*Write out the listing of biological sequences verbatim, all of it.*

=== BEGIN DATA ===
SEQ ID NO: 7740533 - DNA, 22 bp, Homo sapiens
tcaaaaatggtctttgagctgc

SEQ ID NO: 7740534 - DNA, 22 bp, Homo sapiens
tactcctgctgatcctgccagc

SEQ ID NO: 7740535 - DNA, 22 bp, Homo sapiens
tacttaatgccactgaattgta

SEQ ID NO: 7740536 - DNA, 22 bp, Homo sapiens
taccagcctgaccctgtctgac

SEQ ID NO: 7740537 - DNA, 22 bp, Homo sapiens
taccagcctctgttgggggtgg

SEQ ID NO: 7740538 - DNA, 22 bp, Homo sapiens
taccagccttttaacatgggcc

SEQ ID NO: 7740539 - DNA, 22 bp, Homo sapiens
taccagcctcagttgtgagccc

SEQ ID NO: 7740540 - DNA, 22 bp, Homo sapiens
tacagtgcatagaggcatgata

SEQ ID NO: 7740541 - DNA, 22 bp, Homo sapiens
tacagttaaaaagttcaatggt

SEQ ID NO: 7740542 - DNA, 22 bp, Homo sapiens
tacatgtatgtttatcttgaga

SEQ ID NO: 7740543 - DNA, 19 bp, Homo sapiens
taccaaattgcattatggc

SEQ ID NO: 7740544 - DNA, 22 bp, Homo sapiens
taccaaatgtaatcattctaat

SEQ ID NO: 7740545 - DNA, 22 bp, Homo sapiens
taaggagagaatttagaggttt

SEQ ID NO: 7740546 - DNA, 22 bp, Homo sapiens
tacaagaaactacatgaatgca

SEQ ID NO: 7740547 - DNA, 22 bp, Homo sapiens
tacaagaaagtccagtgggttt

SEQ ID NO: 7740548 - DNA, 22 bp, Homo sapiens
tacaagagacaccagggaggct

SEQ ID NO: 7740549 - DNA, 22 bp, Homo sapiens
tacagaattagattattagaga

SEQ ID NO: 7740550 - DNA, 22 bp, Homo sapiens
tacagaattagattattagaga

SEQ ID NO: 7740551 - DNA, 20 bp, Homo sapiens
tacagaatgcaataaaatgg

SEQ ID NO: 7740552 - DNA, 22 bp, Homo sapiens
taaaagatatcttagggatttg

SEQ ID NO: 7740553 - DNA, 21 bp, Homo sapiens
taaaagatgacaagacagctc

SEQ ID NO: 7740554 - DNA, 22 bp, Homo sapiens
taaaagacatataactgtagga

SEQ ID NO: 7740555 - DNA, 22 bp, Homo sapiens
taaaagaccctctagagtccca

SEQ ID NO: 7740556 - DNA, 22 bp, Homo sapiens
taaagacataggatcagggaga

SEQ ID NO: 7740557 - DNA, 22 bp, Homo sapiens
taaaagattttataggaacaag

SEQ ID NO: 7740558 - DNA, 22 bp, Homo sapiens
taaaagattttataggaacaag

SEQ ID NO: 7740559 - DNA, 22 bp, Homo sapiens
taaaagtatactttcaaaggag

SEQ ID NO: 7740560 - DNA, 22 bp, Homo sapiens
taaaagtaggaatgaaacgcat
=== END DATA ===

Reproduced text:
SEQ ID NO: 7740533 - DNA, 22 bp, Homo sapiens
tcaaaaatggtctttgagctgc

SEQ ID NO: 7740534 - DNA, 22 bp, Homo sapiens
tactcctgctgatcctgccagc

SEQ ID NO: 7740535 - DNA, 22 bp, Homo sapiens
tacttaatgccactgaattgta

SEQ ID NO: 7740536 - DNA, 22 bp, Homo sapiens
taccagcctgaccctgtctgac

SEQ ID NO: 7740537 - DNA, 22 bp, Homo sapiens
taccagcctctgttgggggtgg

SEQ ID NO: 7740538 - DNA, 22 bp, Homo sapiens
taccagccttttaacatgggcc

SEQ ID NO: 7740539 - DNA, 22 bp, Homo sapiens
taccagcctcagttgtgagccc

SEQ ID NO: 7740540 - DNA, 22 bp, Homo sapiens
tacagtgcatagaggcatgata

SEQ ID NO: 7740541 - DNA, 22 bp, Homo sapiens
tacagttaaaaagttcaatggt

SEQ ID NO: 7740542 - DNA, 22 bp, Homo sapiens
tacatgtatgtttatcttgaga

SEQ ID NO: 7740543 - DNA, 19 bp, Homo sapiens
taccaaattgcattatggc

SEQ ID NO: 7740544 - DNA, 22 bp, Homo sapiens
taccaaatgtaatcattctaat

SEQ ID NO: 7740545 - DNA, 22 bp, Homo sapiens
taaggagagaatttagaggttt

SEQ ID NO: 7740546 - DNA, 22 bp, Homo sapiens
tacaagaaactacatgaatgca

SEQ ID NO: 7740547 - DNA, 22 bp, Homo sapiens
tacaagaaagtccagtgggttt

SEQ ID NO: 7740548 - DNA, 22 bp, Homo sapiens
tacaagagacaccagggaggct

SEQ ID NO: 7740549 - DNA, 22 bp, Homo sapiens
tacagaattagattattagaga

SEQ ID NO: 7740550 - DNA, 22 bp, Homo sapiens
tacagaattagattattagaga

SEQ ID NO: 7740551 - DNA, 20 bp, Homo sapiens
tacagaatgcaataaaatgg

SEQ ID NO: 7740552 - DNA, 22 bp, Homo sapiens
taaaagatatcttagggatttg

SEQ ID NO: 7740553 - DNA, 21 bp, Homo sapiens
taaaagatgacaagacagctc

SEQ ID NO: 7740554 - DNA, 22 bp, Homo sapiens
taaaagacatataactgtagga

SEQ ID NO: 7740555 - DNA, 22 bp, Homo sapiens
taaaagaccctctagagtccca

SEQ ID NO: 7740556 - DNA, 22 bp, Homo sapiens
taaagacataggatcagggaga

SEQ ID NO: 7740557 - DNA, 22 bp, Homo sapiens
taaaagattttataggaacaag

SEQ ID NO: 7740558 - DNA, 22 bp, Homo sapiens
taaaagattttataggaacaag

SEQ ID NO: 7740559 - DNA, 22 bp, Homo sapiens
taaaagtatactttcaaaggag

SEQ ID NO: 7740560 - DNA, 22 bp, Homo sapiens
taaaagtaggaatgaaacgcat